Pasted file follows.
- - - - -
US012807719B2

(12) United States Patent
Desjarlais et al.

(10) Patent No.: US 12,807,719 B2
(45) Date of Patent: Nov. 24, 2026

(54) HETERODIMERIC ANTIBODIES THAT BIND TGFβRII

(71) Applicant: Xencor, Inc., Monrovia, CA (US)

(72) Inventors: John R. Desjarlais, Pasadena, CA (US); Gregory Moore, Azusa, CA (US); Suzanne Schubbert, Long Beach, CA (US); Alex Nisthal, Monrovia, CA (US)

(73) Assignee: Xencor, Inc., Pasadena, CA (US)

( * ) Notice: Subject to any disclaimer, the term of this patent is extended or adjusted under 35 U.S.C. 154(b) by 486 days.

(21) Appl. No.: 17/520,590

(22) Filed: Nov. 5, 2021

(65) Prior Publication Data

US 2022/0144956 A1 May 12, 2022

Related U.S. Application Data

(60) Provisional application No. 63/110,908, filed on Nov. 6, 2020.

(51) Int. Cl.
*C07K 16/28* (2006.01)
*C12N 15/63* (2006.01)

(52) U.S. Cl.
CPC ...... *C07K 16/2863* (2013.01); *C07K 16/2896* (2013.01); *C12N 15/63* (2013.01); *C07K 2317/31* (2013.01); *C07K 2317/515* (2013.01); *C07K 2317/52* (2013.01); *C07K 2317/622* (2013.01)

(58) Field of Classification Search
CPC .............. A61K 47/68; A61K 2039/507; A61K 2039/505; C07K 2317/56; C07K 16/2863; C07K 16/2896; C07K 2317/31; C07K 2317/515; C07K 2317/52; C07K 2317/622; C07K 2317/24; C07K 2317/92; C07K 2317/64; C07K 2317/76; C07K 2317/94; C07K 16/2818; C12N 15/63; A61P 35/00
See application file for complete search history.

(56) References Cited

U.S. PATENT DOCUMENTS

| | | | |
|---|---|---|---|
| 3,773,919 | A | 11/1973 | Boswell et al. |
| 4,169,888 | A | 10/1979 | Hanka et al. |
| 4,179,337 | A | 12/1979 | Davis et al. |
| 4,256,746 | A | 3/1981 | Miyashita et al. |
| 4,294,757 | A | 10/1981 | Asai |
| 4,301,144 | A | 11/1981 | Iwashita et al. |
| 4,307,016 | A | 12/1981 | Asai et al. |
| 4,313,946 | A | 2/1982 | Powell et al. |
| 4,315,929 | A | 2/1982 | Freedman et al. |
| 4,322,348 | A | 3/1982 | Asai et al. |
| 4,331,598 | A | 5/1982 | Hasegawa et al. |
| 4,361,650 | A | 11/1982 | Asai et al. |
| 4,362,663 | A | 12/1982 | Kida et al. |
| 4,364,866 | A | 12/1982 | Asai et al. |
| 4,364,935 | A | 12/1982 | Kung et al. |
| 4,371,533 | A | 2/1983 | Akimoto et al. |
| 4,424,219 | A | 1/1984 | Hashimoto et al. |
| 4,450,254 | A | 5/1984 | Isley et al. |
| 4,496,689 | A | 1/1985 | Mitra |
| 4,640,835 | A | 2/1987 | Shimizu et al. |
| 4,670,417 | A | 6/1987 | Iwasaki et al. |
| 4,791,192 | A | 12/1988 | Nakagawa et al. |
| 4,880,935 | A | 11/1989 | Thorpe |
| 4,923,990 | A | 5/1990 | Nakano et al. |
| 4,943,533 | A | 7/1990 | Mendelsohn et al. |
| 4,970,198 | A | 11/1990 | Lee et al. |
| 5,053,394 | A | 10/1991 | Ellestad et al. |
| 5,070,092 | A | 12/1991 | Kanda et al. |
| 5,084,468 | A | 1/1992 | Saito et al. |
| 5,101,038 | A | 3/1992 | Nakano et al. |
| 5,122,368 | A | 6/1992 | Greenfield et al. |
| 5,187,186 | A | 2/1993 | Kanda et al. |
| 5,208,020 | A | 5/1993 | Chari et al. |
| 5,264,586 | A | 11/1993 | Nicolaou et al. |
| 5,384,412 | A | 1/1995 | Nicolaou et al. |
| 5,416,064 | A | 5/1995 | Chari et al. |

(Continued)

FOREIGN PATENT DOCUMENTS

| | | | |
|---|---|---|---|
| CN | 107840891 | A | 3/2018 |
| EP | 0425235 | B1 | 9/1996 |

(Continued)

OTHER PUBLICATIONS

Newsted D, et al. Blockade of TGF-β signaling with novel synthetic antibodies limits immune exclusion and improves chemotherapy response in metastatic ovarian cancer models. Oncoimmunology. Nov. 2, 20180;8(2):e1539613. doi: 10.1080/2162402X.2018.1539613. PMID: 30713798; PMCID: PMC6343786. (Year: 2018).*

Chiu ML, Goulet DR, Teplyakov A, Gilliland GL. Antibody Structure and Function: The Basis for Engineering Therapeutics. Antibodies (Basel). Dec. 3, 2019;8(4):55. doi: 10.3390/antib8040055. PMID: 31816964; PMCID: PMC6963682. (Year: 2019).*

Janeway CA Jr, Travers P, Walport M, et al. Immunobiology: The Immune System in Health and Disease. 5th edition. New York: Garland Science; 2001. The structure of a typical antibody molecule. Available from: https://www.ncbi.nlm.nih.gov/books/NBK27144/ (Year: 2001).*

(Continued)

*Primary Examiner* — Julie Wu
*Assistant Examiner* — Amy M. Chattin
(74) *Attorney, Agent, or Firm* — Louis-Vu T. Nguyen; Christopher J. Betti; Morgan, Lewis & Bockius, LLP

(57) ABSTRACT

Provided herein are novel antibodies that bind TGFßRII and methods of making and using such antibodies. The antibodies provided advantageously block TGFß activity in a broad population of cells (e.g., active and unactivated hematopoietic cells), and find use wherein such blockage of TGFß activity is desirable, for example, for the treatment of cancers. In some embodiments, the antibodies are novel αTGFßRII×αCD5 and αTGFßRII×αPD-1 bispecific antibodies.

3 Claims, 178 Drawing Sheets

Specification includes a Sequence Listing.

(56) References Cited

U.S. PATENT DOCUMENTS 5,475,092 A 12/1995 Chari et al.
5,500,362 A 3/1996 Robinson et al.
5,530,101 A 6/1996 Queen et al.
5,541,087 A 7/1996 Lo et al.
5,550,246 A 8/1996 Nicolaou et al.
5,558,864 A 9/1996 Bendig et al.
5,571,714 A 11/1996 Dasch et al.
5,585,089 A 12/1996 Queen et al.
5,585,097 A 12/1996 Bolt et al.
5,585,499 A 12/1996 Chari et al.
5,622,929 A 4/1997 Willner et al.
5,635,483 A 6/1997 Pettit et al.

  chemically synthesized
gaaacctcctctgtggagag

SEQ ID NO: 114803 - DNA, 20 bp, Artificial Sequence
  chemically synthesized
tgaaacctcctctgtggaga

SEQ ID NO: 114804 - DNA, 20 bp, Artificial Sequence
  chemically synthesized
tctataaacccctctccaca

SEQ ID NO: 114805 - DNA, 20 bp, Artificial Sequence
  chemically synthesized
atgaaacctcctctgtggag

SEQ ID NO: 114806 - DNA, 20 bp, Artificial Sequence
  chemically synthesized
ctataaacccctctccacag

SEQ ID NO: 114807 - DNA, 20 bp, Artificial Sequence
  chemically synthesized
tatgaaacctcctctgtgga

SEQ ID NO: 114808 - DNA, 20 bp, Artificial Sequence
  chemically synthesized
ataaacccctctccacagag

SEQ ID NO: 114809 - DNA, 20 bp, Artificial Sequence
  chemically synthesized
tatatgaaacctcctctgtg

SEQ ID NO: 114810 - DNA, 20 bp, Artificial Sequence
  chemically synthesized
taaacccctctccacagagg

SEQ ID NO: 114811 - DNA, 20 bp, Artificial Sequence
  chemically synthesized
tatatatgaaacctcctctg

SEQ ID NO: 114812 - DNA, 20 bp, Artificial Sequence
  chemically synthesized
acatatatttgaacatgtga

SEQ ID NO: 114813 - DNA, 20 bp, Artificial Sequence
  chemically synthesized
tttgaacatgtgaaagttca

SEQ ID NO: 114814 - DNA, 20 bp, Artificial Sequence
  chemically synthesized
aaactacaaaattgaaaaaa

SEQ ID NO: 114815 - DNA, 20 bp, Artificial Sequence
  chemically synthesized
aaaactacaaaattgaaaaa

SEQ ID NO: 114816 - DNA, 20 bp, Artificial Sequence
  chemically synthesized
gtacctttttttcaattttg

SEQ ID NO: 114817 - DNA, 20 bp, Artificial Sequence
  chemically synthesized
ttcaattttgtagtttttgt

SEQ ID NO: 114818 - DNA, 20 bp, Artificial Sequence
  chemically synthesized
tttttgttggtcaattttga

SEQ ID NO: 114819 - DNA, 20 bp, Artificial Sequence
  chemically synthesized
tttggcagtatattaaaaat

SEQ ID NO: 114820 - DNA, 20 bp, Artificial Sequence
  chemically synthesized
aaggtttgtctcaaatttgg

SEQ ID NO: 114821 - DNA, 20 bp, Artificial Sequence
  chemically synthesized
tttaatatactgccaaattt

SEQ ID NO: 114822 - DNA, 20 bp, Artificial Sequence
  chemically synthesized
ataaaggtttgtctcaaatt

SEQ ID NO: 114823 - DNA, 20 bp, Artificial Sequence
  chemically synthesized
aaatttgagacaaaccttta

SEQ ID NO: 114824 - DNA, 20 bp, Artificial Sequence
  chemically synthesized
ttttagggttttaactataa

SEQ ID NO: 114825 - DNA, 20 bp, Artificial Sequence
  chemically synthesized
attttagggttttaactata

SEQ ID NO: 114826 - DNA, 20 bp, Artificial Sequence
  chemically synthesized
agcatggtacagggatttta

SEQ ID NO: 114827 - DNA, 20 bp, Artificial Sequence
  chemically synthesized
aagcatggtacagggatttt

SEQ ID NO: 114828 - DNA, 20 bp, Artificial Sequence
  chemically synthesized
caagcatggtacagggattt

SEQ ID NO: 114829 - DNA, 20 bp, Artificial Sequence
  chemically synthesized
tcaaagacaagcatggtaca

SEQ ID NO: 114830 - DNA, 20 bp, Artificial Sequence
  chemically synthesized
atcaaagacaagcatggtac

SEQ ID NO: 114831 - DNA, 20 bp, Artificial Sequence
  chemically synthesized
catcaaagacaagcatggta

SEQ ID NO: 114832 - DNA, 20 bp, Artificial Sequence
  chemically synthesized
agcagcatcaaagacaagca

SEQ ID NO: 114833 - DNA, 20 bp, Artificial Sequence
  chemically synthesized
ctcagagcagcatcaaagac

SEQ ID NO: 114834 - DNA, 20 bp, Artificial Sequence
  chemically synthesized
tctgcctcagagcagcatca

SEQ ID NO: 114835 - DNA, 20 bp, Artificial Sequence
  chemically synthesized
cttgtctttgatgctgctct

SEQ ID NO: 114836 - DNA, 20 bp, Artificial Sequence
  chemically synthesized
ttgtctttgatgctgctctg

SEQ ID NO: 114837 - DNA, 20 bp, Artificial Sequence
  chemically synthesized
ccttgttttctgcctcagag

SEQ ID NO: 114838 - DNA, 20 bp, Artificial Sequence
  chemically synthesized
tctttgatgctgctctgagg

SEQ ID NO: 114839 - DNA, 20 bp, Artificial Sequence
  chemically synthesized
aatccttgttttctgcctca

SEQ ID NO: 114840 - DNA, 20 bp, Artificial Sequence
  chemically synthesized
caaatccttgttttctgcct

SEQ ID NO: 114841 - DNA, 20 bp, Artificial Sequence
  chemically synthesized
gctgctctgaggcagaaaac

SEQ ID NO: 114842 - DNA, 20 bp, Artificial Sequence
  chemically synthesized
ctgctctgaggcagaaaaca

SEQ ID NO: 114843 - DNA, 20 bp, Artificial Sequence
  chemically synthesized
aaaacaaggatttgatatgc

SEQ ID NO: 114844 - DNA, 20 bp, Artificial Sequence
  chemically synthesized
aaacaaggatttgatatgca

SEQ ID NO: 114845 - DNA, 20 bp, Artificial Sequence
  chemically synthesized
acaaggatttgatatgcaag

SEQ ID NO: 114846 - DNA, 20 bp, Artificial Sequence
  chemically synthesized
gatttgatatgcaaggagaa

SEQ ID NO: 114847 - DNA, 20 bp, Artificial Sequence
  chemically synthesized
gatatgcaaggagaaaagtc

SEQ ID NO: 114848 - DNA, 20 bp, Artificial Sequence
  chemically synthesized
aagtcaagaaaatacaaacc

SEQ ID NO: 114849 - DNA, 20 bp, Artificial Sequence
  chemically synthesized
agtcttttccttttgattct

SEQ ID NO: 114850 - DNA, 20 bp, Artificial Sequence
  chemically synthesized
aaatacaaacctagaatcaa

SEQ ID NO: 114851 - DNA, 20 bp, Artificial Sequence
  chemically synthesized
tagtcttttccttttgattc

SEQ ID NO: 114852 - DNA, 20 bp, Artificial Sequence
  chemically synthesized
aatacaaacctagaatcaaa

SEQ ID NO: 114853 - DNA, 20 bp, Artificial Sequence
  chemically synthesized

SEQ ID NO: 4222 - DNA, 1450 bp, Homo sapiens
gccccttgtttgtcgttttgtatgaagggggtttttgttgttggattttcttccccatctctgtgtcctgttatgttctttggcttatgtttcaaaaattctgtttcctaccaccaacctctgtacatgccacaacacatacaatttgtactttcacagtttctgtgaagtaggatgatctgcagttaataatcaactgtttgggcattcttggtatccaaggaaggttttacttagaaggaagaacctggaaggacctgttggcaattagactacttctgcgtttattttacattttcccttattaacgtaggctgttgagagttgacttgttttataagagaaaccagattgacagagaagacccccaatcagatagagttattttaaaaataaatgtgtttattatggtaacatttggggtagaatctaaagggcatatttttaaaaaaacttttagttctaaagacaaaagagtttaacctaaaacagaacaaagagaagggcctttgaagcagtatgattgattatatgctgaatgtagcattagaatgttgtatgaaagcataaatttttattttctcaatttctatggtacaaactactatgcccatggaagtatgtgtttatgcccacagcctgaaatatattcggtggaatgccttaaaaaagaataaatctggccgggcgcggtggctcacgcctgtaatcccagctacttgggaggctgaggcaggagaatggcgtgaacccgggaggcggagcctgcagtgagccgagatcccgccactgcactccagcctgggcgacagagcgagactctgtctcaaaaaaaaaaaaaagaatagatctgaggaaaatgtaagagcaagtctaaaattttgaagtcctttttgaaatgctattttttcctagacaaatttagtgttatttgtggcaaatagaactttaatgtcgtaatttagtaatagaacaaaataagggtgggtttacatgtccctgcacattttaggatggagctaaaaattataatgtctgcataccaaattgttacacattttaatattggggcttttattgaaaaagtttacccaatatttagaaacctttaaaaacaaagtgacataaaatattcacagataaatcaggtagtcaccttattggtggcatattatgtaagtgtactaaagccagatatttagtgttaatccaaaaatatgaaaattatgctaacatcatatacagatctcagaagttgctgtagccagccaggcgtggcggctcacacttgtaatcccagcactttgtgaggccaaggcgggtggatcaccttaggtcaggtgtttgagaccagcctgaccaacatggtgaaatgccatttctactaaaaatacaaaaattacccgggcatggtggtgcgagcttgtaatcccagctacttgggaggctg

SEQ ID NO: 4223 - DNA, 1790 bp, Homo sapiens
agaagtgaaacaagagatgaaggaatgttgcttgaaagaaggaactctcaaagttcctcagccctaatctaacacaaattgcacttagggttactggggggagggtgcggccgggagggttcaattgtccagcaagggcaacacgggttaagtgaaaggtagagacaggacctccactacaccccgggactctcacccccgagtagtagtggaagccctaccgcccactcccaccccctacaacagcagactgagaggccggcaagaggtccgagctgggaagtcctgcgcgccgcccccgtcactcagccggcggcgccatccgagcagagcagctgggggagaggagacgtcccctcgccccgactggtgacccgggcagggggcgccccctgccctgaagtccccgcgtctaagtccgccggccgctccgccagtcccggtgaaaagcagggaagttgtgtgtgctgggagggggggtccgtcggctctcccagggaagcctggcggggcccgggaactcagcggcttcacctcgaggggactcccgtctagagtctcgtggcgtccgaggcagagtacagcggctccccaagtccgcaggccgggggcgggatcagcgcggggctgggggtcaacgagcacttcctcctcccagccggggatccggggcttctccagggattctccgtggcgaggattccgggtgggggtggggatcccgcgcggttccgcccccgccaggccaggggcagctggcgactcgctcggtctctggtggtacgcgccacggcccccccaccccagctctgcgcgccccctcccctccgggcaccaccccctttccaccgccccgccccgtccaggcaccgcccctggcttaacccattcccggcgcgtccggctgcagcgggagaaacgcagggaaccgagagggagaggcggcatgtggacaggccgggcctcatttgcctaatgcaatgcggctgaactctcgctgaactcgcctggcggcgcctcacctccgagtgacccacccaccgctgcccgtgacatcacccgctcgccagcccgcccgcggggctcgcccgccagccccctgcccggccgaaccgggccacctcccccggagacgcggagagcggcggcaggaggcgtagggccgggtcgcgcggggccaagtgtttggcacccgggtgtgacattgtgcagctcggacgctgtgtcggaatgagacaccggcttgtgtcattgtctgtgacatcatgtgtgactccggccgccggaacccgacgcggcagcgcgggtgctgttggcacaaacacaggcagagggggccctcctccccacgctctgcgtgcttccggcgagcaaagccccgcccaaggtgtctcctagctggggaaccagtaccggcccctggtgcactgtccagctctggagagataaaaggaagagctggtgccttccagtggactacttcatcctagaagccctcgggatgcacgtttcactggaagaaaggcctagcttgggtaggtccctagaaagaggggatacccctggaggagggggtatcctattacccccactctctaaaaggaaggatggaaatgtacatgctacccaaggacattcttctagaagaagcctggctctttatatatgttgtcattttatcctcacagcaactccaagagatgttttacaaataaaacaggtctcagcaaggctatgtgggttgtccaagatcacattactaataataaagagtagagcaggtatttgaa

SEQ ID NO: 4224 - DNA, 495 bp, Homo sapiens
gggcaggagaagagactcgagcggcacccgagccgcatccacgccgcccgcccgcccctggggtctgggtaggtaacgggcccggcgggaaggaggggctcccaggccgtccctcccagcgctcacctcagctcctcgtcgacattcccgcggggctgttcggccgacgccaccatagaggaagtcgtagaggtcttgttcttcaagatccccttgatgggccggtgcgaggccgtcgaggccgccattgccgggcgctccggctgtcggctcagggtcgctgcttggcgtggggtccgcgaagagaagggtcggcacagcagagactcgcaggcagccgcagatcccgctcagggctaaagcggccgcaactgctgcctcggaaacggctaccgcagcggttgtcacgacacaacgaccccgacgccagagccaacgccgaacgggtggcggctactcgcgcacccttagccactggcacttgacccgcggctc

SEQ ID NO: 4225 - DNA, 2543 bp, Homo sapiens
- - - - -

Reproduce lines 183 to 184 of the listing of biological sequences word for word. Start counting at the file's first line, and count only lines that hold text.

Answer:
SEQ ID NO: 114831 - DNA, 20 bp, Artificial Sequence
  chemically synthesized